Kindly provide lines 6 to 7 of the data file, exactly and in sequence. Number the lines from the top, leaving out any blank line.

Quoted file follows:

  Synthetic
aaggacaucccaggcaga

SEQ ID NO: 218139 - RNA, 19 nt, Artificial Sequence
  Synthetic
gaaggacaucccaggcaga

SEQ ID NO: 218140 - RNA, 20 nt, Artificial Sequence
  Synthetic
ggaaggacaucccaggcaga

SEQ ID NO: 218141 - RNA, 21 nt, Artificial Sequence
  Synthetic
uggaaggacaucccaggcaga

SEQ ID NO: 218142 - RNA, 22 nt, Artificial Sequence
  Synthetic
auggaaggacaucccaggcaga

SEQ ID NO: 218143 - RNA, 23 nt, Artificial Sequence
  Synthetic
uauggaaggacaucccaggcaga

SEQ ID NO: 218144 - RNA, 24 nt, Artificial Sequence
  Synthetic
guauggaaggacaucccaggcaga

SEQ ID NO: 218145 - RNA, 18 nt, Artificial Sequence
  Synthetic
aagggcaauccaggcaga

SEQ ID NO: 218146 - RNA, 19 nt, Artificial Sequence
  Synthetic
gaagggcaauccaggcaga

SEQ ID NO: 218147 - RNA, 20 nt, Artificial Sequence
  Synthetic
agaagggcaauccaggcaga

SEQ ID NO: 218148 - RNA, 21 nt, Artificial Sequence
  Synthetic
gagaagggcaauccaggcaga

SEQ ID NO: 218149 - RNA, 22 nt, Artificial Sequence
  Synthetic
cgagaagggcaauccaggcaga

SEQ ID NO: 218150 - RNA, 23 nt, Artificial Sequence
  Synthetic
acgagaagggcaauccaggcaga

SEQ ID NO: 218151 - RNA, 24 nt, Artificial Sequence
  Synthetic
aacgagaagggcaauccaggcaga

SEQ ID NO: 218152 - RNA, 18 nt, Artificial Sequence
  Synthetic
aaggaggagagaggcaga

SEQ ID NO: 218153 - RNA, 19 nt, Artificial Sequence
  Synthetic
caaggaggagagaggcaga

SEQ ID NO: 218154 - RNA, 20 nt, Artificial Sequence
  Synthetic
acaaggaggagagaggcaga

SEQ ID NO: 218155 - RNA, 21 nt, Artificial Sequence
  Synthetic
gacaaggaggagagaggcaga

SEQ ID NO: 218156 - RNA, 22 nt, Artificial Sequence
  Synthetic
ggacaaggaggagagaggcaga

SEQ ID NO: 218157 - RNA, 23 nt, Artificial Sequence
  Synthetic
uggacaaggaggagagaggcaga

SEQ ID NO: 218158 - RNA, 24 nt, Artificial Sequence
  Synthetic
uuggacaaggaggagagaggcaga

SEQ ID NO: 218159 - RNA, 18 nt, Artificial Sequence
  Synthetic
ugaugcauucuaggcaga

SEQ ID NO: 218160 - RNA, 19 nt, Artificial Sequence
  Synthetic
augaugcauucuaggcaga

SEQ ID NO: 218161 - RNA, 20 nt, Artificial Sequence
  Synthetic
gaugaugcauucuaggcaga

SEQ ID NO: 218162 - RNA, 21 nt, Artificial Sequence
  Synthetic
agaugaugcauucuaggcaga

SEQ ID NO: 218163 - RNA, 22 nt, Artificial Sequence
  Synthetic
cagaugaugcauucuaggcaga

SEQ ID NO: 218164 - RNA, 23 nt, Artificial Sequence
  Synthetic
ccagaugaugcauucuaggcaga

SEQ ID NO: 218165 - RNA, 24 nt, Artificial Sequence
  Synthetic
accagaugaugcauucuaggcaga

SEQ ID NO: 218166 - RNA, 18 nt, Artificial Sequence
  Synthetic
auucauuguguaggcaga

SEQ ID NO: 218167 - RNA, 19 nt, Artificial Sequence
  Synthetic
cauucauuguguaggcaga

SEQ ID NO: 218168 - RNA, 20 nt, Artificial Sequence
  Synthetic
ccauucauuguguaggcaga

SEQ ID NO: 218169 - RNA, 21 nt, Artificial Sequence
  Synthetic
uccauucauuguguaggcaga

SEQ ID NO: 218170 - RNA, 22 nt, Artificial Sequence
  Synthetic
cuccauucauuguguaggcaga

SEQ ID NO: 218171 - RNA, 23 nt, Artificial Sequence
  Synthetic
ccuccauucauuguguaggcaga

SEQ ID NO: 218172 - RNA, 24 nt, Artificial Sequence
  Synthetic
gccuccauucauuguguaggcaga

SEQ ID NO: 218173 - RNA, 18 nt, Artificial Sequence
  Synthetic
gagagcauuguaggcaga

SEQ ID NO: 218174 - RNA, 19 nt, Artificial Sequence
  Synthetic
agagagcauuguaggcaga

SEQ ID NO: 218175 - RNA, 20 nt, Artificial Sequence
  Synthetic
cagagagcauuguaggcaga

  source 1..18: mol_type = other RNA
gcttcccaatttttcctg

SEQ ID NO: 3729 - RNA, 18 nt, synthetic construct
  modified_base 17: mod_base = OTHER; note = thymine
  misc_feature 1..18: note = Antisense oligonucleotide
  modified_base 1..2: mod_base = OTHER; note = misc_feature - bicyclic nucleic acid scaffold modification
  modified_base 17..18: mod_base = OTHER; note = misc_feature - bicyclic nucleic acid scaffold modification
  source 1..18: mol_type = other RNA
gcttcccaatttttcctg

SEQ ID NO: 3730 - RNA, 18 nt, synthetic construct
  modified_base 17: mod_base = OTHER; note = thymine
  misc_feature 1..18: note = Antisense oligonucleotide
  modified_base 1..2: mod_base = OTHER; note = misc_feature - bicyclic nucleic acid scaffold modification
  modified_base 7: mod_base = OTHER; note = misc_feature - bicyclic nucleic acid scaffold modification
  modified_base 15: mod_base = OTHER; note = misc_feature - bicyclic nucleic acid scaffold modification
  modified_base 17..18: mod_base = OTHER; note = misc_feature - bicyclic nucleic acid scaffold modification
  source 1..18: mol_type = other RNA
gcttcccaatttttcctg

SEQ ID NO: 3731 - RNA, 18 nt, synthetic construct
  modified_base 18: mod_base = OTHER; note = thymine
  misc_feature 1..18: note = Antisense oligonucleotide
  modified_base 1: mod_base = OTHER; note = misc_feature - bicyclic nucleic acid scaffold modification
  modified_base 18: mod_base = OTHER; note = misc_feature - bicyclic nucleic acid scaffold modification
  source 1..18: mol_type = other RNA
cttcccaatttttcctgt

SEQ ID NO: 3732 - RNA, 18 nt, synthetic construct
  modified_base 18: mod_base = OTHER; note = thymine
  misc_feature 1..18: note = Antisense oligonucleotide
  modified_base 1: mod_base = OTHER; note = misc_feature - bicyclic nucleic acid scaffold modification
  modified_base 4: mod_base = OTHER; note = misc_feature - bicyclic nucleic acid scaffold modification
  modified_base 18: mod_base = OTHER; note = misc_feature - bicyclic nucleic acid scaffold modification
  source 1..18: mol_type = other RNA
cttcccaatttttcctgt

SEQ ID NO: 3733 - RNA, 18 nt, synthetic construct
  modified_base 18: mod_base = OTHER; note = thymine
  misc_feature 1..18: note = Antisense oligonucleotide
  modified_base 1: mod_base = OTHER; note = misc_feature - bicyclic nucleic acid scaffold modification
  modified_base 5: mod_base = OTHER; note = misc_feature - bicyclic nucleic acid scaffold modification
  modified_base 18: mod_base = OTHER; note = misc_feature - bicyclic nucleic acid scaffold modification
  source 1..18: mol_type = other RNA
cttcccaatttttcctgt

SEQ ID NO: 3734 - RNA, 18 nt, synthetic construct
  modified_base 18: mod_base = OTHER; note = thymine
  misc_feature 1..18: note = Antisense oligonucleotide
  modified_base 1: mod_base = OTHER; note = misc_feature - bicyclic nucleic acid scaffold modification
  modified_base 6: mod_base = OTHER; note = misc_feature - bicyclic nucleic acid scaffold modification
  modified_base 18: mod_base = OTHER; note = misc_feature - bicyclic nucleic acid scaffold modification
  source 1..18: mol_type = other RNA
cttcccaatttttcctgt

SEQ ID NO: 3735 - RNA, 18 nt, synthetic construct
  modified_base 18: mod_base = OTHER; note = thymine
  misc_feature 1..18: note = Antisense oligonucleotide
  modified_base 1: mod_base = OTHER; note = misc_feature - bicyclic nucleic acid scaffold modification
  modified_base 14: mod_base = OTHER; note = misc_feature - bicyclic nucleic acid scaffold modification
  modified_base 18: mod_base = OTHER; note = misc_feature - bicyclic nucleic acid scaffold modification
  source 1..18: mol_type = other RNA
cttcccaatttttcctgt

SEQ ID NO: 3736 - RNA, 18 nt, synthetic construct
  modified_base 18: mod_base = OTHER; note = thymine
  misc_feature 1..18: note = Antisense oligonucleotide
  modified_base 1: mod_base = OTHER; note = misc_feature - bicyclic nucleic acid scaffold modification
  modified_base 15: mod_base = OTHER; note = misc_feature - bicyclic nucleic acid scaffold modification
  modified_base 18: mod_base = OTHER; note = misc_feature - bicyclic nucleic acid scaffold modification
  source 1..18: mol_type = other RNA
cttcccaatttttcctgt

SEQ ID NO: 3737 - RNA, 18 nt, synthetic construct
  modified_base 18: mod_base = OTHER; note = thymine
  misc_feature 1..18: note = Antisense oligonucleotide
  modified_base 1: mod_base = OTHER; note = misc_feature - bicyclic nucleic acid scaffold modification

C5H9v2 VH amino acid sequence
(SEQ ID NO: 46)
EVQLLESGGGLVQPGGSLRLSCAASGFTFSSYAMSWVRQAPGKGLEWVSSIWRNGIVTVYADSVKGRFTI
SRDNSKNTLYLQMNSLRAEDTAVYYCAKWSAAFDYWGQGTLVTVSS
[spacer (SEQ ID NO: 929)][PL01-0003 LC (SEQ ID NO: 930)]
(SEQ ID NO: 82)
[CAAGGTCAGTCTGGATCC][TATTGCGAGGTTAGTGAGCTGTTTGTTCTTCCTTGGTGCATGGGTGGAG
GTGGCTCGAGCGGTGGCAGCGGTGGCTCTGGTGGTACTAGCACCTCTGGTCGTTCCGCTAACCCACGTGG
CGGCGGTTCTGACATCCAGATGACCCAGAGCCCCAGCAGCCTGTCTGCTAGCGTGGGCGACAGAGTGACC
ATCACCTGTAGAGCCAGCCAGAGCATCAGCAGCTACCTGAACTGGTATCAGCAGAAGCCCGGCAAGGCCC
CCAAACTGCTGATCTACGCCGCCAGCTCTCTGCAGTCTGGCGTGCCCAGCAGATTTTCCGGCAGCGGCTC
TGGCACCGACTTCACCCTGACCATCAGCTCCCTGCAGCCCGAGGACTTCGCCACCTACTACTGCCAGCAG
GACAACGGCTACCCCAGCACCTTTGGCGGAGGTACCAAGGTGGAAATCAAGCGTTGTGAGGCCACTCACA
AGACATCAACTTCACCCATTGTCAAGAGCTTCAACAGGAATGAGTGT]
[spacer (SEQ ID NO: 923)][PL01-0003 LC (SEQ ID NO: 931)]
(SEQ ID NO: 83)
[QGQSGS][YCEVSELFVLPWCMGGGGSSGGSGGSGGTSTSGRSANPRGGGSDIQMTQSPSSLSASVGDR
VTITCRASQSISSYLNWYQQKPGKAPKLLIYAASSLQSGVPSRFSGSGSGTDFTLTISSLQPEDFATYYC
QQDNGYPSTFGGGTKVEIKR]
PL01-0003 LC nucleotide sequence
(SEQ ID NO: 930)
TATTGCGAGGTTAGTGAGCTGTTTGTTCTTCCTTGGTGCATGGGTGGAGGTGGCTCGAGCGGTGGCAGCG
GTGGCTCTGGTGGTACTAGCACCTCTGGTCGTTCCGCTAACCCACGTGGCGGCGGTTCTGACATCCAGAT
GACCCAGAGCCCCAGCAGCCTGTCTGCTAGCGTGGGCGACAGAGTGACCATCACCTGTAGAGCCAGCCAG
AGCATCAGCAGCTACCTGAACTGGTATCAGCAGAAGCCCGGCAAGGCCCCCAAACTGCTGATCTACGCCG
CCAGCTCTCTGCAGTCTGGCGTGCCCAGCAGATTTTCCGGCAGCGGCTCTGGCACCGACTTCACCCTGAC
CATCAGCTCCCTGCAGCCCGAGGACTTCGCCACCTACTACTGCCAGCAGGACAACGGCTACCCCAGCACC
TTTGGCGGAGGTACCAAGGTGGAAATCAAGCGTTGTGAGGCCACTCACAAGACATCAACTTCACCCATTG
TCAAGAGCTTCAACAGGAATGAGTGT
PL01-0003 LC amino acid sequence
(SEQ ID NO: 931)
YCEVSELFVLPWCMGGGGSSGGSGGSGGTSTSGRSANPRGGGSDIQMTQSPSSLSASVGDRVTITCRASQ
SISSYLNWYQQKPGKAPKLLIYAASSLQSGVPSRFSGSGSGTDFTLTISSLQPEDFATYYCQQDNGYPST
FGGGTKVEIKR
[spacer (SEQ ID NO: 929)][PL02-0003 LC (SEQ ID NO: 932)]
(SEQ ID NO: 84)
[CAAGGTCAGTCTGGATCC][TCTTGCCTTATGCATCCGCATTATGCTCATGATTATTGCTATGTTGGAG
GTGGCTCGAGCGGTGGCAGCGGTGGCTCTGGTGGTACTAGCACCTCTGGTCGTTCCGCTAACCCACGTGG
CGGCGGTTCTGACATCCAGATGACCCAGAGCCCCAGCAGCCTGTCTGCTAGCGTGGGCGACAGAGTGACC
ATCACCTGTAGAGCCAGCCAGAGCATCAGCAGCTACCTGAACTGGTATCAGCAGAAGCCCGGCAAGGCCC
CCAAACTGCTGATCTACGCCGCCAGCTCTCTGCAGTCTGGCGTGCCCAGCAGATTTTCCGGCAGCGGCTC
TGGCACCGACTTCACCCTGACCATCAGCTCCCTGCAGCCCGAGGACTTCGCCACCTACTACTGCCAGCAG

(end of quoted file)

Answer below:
SEQ ID NO: 218140 - RNA, 20 nt, Artificial Sequence
  Synthetic